Tuesday, 22 October 2013

Transformation Matrices tricks

Anyone doing any type of coding has encountered transformations. They are the building block of any 3d application/game engine...

Now most of the time people will also not write their matrix code, it's already provided by any library, which ideally will provide you nice SIMD version for operations.

I assume you already know what is a Transform and what is a multiply.

So now a few operators of interest (eg: that you want to avoid to use), are Multiply (you will need it a lot but you want to save as many as you can) , and Invert (since it involves precision issue).

Generally you'll have spent a lot of time finding a reasonably fast Matrix multiply algorithm (which is SSE optimized), but then you can also simply spend time to just check how Matrix operator works and avoid using it :)

So let's take a few examples:

1/Translate and Scale

So let's say you want to move an object, then scale it.

You can create a Translation Matrix, create a Scaling Matrix, and multiply both of them.

 Now you can see there's not much point doing that, you can just set the Row for the translation and set the diagonal for the scaling. You saved one multiply just by doing this.

2/Scale then Translate

Now you obviously know that order or operation is important when dealing with operators, So if you scale before translate then you need a multiply.

So here we scale by S, then translate by T

We can do the same as before, eg:
Create Scaling Matrix , Create Translation Matrix and multiply them. Again lot of operators wasted.

You can simply set diagonal to S, and set last row (Translation) to S*T.
You just multiplied two vectors component wise instead of a full matrix multiplication.

Now, if you need to translate a Matrix but you don't know what the previous Matrix contains, you would say that you need to multiply. Yes and No ....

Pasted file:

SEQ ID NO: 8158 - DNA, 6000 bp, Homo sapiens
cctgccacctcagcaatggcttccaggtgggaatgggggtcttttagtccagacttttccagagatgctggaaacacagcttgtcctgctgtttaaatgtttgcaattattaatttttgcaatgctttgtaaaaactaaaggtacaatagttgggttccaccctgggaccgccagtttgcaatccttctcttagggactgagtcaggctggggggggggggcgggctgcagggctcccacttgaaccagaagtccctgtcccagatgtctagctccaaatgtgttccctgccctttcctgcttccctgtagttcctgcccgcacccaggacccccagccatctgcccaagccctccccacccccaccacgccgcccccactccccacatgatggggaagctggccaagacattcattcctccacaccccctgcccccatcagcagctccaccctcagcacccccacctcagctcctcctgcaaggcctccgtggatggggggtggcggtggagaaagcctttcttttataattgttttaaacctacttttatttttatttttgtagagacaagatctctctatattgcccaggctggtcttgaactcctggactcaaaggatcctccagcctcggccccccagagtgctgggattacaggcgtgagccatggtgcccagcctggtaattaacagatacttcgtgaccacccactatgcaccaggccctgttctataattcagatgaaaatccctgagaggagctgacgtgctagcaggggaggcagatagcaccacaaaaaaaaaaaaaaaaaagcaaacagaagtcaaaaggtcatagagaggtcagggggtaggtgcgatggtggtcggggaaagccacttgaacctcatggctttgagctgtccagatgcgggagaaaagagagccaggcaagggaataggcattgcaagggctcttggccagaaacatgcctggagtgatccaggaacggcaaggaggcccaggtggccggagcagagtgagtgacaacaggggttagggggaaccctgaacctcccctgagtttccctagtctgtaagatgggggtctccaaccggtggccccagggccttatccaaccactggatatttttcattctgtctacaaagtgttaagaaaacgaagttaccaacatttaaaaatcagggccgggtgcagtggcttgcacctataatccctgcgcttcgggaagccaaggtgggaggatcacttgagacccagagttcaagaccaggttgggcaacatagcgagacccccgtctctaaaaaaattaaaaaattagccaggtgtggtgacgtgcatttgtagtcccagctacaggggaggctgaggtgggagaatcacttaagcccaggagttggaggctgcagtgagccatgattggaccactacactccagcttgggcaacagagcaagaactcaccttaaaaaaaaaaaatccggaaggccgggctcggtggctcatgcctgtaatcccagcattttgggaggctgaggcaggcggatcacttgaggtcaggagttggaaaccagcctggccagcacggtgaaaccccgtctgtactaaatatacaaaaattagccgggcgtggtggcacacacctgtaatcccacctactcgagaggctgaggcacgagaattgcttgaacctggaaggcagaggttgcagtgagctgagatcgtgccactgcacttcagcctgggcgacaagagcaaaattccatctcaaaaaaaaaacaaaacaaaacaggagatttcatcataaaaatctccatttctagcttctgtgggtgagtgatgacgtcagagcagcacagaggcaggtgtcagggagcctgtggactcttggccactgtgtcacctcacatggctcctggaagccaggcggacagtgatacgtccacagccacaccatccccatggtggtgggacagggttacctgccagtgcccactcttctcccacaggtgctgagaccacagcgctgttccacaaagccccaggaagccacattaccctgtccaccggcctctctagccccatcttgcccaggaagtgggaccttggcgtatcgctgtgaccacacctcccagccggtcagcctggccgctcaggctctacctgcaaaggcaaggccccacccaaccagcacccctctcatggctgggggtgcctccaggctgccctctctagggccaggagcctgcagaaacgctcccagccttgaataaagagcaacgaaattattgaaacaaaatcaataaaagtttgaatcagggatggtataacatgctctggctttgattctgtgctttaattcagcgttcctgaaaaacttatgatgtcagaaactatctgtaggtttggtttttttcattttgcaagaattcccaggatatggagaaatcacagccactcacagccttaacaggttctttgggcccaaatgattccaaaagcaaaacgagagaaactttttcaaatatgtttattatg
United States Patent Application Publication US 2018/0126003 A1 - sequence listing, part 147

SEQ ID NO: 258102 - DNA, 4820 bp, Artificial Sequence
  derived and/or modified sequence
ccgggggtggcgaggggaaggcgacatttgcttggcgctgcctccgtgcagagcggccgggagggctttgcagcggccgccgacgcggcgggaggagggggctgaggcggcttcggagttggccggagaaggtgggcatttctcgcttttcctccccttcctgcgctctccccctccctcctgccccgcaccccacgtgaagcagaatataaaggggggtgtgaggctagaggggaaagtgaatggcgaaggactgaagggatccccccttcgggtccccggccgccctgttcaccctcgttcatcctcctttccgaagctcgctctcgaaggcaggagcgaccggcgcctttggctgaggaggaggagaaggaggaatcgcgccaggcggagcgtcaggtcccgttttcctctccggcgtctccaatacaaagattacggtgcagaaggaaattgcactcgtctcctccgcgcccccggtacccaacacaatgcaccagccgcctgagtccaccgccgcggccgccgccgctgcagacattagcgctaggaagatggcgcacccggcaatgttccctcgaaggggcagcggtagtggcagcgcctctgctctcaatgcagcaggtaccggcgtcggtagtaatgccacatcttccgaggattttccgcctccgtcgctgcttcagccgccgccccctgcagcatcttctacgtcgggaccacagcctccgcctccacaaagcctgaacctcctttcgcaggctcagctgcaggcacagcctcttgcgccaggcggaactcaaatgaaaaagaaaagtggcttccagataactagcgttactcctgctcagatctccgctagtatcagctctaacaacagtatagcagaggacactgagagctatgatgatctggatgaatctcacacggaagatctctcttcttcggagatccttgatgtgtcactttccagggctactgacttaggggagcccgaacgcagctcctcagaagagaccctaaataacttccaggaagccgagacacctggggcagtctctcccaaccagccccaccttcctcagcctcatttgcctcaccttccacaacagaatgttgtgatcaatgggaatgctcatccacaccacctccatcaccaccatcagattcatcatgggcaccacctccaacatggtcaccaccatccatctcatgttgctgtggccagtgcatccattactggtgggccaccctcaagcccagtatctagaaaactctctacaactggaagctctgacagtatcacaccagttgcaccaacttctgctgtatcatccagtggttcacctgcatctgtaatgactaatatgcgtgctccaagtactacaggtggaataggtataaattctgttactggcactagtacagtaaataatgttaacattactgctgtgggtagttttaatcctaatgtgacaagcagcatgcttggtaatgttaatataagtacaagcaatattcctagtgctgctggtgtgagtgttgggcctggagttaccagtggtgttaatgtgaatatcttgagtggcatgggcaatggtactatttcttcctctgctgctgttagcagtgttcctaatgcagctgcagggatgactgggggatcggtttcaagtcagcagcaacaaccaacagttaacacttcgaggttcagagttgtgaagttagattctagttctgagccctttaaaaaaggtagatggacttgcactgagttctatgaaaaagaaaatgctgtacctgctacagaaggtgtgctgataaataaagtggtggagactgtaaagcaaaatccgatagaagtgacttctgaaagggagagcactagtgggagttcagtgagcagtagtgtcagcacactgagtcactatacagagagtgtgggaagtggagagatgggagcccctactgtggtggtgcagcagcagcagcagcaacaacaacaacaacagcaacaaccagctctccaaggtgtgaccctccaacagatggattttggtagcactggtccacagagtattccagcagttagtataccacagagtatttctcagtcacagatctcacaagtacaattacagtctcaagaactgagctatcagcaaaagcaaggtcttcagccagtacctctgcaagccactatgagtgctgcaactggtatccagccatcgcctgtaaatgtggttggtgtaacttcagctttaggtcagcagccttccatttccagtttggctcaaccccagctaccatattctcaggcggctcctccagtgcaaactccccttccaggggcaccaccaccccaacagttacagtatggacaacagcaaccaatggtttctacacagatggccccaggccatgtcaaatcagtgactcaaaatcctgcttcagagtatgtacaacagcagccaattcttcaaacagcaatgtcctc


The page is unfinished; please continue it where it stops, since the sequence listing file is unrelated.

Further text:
Translating a matrix will ONLY affect the last row, so instead of having the code :
Multiply Source * Translation Matrix, you can simply have a method that applies the matrix multiplication on the last row only (eg: you do 1/4th of the operation). First three rows will not be changed, no point of processing them.


Now you have a nice rotation matrix around, but at some point you need to invert it (to process some billboards for example).

If your rotation is "pure rotation" (eg: no scaling component), this has an interesting property:
A*At = I (eg: matrix * transposed matrix) = identity.

This means that instead of inverting your matrix, you can simply transpose it for the same result, saving some multiplies).


Another common operation is to scale a matrix (as per the Translate then Scale example).

So in this case you want to scale your matrix by sx,sy,sz

You can (as usual), create a scaling matrix and multiply all your lot, or simply
Multiply row 1 by sx
Multiply row 2 by sy
Multiply row 3 by sz

Et voila, 12 multiplies and you're sorted. (This can also be very easily vectorized).


Look at matrix is a bit of a special transform, of course widely used for cameras.

Simply put, from 3 components:
Eye : Eye Position
Target : Position where you look at (not direction)
Up Vector : This is often used for camera Roll. (in most cases it will be 0,1,0)

From those 3 vectors you construct a matrix that brings object into a space relative to the camera. 
There's no Scaling involved, so you mostly have a translation and a rotation.

Now most times you will compute your LookAt matrix and immediately Invert it (so you can use it for sprites, deferred rendering....)

Now let's think about the translation component.

I mentioned before that a LookAt transform brings your object into camera space, so to invert it, your translation component is ... your eye position :)

Now I also mentioned that there's a rotation component, which can be extracted into a 3x3 matrix , and you can simply transpose this matrix to have the invert rotation.

So technically you can build both LookAt and Invert in one go, saving again an Inversion.

Please note that for brevity I only bothered to show the transposed part in the Patch, but you get the concept.

That's it for now, but you have much more tricks like this when dealing with vectors.

As an exercise, for the reader build projection matrix and it's inverse in one go:

Ortho : http://msdn.microsoft.com/en-us/library/windows/desktop/bb205347(v=vs.85).aspx

Perspective : http://msdn.microsoft.com/en-us/library/bb205350(v=vs.85).aspx

Have fun !

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